"THERE ARE NO REAL issues in this campaign because we are in good times." I parked my car at the curb in front of my apartment, turned off the ignition, and continued listening to a panel of political analysts on the car radio. Both the Democratic and Republican experts basically agreed with the Republican claim of "peace and prosperity," with the Democrats merely pointing to the deficit and an uncertain future.
I had heard enough. I stepped out of my car and stood there for a few moments, surveying the scene in my Washington, D.C., neighborhood of Southern Columbia Heights. The meaning of the political commentary I had just heard suddenly became clear to me: Neighborhoods like this one are invisible. Especially during the heat of political campaigns, candidates like to pretend that poor people just don't exist.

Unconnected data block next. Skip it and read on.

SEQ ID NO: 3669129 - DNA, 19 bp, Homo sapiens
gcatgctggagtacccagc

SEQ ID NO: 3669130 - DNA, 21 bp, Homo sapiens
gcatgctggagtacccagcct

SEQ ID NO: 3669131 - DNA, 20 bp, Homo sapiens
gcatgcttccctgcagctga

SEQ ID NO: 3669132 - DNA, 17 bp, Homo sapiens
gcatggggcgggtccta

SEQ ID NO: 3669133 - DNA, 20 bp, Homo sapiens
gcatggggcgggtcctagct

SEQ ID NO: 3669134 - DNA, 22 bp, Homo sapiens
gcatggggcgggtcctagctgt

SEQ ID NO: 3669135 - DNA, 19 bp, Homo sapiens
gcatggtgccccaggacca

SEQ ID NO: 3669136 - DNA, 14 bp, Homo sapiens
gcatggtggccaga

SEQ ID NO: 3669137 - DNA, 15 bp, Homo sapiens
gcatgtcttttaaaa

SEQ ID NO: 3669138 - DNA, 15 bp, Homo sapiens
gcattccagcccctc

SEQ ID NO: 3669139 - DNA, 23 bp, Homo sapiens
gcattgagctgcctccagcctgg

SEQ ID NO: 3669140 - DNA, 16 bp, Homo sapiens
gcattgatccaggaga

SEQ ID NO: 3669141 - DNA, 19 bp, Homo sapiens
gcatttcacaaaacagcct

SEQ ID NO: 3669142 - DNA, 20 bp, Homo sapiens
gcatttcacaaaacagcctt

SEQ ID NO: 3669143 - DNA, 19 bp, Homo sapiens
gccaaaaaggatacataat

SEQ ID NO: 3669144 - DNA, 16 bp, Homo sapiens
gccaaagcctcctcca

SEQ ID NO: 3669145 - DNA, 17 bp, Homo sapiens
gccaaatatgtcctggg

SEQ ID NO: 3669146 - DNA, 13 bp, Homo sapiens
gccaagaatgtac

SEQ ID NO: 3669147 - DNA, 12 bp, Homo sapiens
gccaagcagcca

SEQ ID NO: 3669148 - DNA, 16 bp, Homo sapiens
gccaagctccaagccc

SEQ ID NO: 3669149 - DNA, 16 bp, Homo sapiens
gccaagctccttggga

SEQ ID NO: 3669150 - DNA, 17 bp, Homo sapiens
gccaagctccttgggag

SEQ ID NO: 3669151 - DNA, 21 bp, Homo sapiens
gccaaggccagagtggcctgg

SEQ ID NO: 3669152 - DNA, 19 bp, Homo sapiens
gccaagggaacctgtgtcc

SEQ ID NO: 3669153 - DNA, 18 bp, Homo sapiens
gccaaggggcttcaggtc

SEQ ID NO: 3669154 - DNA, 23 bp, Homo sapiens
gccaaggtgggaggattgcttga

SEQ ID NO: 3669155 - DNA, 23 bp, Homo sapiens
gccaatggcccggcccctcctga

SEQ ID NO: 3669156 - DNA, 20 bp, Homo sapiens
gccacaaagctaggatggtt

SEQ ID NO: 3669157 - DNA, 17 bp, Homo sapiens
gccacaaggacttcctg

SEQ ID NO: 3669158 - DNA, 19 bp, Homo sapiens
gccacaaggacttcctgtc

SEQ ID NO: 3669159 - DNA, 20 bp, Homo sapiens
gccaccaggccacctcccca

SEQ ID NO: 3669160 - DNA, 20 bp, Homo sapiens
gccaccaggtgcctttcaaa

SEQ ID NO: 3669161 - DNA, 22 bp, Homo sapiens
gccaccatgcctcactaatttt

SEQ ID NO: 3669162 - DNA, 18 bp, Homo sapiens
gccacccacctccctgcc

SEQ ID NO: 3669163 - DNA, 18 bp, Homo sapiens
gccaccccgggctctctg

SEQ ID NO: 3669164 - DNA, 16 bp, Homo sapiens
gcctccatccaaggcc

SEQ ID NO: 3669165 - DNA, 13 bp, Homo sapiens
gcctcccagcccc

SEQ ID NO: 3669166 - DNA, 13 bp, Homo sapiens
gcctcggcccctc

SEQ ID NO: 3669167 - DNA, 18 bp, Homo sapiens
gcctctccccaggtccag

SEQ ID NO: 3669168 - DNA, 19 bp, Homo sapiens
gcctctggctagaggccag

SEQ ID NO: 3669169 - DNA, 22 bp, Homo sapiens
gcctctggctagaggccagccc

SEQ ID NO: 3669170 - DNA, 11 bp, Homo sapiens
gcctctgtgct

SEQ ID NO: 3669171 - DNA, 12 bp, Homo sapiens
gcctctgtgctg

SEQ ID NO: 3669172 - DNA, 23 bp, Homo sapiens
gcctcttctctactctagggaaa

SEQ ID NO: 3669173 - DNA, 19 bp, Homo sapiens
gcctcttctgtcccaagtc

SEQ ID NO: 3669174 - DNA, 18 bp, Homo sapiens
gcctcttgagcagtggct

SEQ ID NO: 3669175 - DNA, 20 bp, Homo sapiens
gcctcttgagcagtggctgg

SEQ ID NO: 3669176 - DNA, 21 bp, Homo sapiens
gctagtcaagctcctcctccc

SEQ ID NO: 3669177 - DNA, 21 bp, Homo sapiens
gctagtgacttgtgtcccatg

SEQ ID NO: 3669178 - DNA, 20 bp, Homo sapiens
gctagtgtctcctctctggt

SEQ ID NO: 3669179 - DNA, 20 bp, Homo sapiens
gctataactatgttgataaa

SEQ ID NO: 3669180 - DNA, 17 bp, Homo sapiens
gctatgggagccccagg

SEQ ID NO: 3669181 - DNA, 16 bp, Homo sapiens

The presidential contest waged between George Bush and Michael Dukakis has been criticized as dirty, empty, boring, embarrassing, and disgusting. As true as all that is, the failure of the candidates and their campaigns goes much deeper. This election was decided without ever coming to grips with the two things the nation most needs--an honest facing-up to pressing social realities and a courageous offering of moral vision. Social reality and moral vision were the most avoided topics in this most dismal campaign.